Reviewer’s Beat: Spectacular Falls

Anita Hollander, an actress who navigates Manhattan on a single leg and crutches, is Type-A magnetic. Whether she’s shooting through the city’s mean streets in a burgundy blur or performing onstage, her power surge aura is impossible to ignore.

Especially exciting is when she takes the stage in an autobiographical musical of her own creation, her latest being Spectacular Falls, introduced last Sunday (9/22) as part of United Solo’s 10th anniversary festival.

anita hollander spectacular falls

The painful inspiration for this funny, touching, and self-effacing work took place four years ago when Hollander fell and broke her hand in front of Ripley’s Believe It or Not! in Times Square. With time having healed the physical element of this Woman Interrupted moment, she was drawn to the bizarreness of the situation—even beyond the Ripley’s aspect—and the realization that her life has been a tapestry of tumbles. From there, it was a short brainstorm into how the word “fall” pops up in everything from nature to politics.

Hollander’s end product, 17 songs with a bit of banter here and there, runs the gamut from dry humor to nostalgia to…well, let’s just say, she doesn’t leave an emotion unturned and that’s a most amazing and inspirational thing. Her velvety voice is effective whether she’s warning us how life is full of pitfalls and pratfalls in the song “Just a Banana Peel Away” or recalling a breathless moment on her lips in “Kiss on Cornelia Street.”

spectacular falls anita hollander

And, like in her first solo show, “Still Standing,” Hollander celebrates her physicality throughout the performance. Her entrance alone is worth the price of admission, but she also has her way with her prosthetic leg (sometimes on, sometimes off, it’s all good) and shows off her well-honed single-leg balance.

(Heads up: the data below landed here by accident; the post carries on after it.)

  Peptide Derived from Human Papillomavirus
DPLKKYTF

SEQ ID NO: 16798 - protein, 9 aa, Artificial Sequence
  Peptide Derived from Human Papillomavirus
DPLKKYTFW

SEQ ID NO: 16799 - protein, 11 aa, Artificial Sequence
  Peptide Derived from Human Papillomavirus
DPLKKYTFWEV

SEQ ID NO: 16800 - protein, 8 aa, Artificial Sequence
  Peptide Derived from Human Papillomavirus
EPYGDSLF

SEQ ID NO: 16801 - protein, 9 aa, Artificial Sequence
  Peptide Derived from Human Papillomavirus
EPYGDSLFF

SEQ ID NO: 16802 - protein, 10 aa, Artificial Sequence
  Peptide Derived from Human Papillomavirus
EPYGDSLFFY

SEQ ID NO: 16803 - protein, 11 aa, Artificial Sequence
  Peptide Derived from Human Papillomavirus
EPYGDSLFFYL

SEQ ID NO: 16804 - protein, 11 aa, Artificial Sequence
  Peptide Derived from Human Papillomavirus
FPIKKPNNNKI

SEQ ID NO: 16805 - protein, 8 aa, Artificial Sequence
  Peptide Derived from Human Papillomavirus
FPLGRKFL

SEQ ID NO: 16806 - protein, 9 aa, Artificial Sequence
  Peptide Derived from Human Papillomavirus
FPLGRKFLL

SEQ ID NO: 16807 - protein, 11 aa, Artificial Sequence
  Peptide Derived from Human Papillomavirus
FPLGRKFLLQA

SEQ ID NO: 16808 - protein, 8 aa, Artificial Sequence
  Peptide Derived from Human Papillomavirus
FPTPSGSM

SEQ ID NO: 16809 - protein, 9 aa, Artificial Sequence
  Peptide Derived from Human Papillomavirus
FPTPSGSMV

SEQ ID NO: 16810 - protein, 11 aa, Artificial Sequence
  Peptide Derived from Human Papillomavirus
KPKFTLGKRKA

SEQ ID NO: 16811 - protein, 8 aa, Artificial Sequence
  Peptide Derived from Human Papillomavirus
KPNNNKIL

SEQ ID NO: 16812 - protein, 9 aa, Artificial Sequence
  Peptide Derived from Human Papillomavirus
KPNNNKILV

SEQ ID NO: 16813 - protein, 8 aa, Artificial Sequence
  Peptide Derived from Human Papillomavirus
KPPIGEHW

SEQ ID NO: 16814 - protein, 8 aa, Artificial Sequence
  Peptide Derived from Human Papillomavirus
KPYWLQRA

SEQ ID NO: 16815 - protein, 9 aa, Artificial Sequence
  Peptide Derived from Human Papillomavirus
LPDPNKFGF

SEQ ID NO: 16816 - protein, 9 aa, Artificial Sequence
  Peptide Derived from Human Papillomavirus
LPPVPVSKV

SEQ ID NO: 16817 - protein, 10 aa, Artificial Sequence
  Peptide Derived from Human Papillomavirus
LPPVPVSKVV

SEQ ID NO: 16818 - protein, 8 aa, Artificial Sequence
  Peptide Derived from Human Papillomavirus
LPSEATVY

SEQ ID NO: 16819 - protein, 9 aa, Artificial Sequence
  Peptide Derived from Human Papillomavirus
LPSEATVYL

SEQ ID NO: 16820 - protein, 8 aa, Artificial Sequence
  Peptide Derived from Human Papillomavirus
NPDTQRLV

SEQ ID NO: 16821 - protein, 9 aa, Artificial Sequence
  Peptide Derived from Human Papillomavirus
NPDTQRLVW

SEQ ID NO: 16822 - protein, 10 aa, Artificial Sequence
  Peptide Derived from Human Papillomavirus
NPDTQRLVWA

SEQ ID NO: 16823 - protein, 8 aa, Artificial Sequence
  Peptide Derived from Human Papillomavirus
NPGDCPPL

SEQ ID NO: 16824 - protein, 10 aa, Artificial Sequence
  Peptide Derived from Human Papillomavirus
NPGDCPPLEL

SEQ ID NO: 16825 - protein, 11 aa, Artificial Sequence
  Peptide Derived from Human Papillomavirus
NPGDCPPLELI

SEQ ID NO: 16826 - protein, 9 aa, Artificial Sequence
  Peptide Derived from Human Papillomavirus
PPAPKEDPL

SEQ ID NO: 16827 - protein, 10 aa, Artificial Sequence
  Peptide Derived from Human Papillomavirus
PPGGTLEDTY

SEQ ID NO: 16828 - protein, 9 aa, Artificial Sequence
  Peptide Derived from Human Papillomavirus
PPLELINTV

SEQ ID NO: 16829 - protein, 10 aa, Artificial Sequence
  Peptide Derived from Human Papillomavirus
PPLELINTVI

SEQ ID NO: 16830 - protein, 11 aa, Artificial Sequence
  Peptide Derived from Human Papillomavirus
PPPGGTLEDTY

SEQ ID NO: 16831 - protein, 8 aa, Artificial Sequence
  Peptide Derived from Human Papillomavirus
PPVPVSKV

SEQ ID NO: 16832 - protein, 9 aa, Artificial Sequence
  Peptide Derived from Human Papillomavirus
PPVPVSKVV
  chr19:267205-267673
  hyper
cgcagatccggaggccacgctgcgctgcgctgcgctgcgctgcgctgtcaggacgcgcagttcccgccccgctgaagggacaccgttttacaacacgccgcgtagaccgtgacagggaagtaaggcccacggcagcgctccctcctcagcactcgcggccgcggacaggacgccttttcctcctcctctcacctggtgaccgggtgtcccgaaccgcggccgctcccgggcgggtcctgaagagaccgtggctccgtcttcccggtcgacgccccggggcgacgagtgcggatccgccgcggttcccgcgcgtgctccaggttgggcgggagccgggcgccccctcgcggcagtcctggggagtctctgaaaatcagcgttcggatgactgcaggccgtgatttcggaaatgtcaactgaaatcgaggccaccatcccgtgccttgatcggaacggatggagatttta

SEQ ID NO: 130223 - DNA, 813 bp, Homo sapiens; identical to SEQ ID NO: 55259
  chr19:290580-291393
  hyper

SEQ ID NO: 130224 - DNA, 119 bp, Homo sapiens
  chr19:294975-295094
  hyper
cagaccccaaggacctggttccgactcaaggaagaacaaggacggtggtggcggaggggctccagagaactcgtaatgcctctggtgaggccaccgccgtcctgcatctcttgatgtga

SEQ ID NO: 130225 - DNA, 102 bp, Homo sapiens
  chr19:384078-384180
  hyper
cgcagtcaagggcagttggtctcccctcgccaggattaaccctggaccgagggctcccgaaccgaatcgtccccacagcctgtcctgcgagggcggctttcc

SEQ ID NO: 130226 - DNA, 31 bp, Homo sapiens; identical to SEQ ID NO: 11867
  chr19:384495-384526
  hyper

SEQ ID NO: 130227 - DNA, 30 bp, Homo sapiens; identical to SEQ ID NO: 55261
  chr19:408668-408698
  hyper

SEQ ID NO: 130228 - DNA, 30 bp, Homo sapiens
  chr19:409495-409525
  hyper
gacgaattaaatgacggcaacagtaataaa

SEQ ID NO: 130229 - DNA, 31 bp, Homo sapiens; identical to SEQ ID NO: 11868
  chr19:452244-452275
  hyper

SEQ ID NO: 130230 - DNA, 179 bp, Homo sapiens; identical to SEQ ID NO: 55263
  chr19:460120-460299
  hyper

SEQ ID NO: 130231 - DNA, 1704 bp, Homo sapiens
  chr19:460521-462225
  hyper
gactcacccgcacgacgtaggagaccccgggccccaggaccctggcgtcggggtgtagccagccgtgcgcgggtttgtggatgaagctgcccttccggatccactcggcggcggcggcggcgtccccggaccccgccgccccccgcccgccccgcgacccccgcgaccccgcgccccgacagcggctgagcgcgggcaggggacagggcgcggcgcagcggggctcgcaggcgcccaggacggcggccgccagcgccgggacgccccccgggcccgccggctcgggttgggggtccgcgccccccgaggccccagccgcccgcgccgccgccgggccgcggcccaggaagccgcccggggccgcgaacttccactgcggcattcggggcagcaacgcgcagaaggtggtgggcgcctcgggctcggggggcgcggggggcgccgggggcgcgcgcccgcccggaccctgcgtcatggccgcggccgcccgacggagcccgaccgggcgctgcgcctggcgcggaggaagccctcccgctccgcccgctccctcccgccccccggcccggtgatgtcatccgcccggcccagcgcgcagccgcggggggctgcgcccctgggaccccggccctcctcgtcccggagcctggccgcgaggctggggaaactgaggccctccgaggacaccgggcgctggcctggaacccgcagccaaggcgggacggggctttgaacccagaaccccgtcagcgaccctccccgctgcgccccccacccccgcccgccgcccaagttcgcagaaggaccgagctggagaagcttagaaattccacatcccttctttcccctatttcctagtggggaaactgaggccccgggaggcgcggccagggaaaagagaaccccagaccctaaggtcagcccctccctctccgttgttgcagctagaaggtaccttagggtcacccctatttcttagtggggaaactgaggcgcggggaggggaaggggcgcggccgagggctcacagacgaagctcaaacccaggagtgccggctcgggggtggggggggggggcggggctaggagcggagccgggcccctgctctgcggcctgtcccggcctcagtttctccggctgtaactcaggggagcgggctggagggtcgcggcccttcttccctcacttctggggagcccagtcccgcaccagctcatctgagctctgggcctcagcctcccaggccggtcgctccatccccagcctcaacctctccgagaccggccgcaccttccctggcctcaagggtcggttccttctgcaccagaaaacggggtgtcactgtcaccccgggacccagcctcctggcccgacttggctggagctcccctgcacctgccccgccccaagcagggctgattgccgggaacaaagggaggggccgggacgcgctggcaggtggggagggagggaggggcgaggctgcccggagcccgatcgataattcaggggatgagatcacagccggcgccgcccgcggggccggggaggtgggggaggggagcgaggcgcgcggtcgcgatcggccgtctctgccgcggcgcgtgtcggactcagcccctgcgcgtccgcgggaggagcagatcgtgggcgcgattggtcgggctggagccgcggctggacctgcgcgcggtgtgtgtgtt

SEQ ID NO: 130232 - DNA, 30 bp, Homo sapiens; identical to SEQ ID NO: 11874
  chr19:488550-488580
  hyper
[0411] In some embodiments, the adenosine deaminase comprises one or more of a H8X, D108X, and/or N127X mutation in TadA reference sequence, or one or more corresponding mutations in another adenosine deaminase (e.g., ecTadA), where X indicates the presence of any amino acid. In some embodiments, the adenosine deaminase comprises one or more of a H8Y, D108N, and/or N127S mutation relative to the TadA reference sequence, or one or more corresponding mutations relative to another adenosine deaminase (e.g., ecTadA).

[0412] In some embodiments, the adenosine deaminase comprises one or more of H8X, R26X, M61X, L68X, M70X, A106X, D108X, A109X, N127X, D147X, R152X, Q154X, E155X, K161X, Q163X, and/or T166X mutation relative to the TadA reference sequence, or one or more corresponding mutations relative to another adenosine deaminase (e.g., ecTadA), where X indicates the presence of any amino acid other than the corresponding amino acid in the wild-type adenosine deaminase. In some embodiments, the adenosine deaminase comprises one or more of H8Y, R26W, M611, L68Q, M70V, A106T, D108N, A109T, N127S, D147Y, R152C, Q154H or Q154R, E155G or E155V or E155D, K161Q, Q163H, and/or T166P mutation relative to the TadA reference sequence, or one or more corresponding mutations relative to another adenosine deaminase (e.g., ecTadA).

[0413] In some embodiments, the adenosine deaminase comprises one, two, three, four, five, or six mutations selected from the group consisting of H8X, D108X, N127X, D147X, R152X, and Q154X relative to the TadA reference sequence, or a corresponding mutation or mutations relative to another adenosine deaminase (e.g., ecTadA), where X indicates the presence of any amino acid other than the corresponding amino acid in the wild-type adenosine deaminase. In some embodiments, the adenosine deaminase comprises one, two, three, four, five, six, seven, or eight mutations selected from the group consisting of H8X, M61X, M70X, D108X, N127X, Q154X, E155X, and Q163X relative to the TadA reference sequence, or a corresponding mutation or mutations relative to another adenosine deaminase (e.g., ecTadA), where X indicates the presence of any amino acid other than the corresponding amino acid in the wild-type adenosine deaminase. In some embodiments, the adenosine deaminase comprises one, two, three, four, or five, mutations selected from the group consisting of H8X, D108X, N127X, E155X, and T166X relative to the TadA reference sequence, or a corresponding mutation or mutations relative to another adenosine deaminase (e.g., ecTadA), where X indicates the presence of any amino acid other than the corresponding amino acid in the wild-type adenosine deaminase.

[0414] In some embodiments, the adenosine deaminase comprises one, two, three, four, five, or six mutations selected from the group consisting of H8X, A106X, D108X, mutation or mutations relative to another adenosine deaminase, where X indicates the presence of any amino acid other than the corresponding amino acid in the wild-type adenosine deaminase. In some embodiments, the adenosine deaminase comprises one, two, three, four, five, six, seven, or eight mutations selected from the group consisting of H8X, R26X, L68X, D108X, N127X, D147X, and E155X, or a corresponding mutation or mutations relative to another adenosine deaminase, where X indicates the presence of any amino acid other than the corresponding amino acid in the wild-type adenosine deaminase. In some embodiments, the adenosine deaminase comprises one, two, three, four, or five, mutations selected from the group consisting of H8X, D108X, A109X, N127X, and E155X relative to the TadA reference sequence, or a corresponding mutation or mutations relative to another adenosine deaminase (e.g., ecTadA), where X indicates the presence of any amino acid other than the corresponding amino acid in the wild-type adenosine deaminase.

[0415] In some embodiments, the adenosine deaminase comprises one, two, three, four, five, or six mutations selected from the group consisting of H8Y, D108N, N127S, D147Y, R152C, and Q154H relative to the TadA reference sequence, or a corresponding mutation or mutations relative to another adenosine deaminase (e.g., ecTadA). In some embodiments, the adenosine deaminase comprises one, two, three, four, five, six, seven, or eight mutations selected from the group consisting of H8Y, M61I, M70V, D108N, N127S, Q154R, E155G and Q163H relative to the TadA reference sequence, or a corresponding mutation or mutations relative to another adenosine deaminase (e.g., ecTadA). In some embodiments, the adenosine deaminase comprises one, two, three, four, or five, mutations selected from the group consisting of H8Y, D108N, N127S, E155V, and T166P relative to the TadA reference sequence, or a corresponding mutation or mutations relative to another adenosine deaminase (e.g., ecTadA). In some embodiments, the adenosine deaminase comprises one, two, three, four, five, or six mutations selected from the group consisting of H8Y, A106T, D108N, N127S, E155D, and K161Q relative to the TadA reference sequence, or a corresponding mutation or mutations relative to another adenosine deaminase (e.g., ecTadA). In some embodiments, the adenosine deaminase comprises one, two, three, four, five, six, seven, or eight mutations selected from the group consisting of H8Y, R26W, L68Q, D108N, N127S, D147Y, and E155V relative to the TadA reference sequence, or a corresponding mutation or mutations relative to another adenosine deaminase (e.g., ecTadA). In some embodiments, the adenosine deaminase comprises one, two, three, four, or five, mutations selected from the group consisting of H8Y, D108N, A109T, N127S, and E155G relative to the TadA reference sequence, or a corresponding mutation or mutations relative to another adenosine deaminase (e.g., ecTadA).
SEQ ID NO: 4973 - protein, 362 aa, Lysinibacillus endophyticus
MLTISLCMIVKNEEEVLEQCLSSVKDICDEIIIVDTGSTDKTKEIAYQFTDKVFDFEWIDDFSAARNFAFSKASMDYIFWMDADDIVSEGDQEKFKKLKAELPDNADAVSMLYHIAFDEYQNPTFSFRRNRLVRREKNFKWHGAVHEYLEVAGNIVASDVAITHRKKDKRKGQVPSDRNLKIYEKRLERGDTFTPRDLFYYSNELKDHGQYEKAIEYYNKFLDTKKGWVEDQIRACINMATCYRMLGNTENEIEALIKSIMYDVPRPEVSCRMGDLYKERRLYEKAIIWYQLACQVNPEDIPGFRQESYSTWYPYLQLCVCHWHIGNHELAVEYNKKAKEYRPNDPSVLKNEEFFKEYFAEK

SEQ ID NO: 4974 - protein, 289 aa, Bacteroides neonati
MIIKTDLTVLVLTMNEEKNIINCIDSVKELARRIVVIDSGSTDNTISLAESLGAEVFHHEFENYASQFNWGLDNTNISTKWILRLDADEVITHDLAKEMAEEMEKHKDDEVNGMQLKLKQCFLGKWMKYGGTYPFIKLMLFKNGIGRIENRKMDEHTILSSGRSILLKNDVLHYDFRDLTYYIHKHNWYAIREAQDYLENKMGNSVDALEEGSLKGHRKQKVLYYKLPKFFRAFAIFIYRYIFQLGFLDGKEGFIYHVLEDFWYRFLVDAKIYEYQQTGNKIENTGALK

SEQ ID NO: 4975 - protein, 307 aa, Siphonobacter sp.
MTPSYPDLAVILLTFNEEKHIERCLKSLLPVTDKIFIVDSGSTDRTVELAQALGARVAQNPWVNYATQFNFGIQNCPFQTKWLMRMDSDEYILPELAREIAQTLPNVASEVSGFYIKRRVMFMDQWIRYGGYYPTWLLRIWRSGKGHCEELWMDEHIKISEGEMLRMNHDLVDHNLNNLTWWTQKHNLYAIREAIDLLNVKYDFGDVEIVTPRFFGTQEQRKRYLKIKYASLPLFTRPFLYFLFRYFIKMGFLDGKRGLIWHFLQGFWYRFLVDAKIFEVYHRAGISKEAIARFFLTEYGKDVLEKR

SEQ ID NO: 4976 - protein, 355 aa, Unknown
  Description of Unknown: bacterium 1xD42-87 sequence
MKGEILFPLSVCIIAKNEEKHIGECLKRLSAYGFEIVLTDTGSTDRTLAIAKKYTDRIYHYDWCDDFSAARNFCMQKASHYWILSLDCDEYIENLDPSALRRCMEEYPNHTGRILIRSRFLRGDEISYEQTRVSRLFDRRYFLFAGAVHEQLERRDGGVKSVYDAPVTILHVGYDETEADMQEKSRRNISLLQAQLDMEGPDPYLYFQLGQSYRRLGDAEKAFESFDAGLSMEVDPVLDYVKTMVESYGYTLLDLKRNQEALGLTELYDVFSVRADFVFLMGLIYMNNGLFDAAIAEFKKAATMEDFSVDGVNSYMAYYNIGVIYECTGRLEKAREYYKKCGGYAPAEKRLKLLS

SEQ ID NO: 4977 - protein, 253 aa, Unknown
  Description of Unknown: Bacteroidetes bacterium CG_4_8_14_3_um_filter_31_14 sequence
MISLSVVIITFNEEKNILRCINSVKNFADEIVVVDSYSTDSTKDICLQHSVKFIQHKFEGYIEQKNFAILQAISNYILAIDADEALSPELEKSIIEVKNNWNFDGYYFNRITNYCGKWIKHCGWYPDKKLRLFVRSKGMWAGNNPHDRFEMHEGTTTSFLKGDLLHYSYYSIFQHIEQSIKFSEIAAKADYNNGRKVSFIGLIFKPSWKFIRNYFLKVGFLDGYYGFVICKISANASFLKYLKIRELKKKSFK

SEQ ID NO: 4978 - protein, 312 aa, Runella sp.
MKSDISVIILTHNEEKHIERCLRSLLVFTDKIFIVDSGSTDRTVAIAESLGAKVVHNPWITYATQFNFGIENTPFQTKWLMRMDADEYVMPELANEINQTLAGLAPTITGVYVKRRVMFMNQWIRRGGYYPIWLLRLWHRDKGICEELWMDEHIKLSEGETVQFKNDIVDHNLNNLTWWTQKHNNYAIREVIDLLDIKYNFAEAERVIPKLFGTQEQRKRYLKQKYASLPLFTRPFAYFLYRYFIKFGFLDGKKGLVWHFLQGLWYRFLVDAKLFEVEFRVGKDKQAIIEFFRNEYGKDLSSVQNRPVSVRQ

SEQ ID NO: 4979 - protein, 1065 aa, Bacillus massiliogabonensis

The music and flow of the lyrics are distinctly Anita. You can get lost in her songs, which is clearly what theatergoers experienced last Sunday.

Still, part of the power she brings to the theatre is her determined work and depth of understanding when it comes to shining a light on disabled individuals in the performing arts. And her outreach is reflected in her audiences who celebrate themselves in her vision. (She also happens to be National Chair of Performers with Disabilities.) Which is one of the reasons she was joined onstage by her sister, Rachel Hollander, an expert—and divinely animated—signer for the deaf. Kismet—it happens.

Anita Hollander

Image: Anita Hollander (@anitahollander)/Twitter

There are only a few more performances. The first is this Friday (9/27) at 7:30pm at Theatre Row Theatres, 410 W. 42nd St. Insider tip: Spectacular Falls may be sold out by the time you log on ( to reserve your tickets. Show up at the box office anyway—last minute cancellations and a waiting list are regular occurrences and considering the uniqueness of this performance, you do not want to miss a chance to see it. Your last chance falls (humor intended) on Saturday, 11/16 at 2pm. Again, small house, limited window, reserve now.

And do check out the entire roster of United Solo 2019 productions—there are many outstanding works on tap through Saturday, November 23rd!

About the Author

City Guide Theatre Editor Griffin Miller moved to New York to pursue an acting/writing career in the 1980s after graduating magna cum laude from Case Western Reserve University in Cleveland, Ohio. Since then, she has written for The New York Times, For the Bride, Hotels, and a number of other publications, mostly in the areas of travel and performance arts. An active member of The New York Travel Writers Association, she is also a playwright and award-winning collage artist. In addition, she sits on the board of The Lewis Carroll Society of North America. Griffin is married to Richard Sandomir, a reporter for The New York Times.

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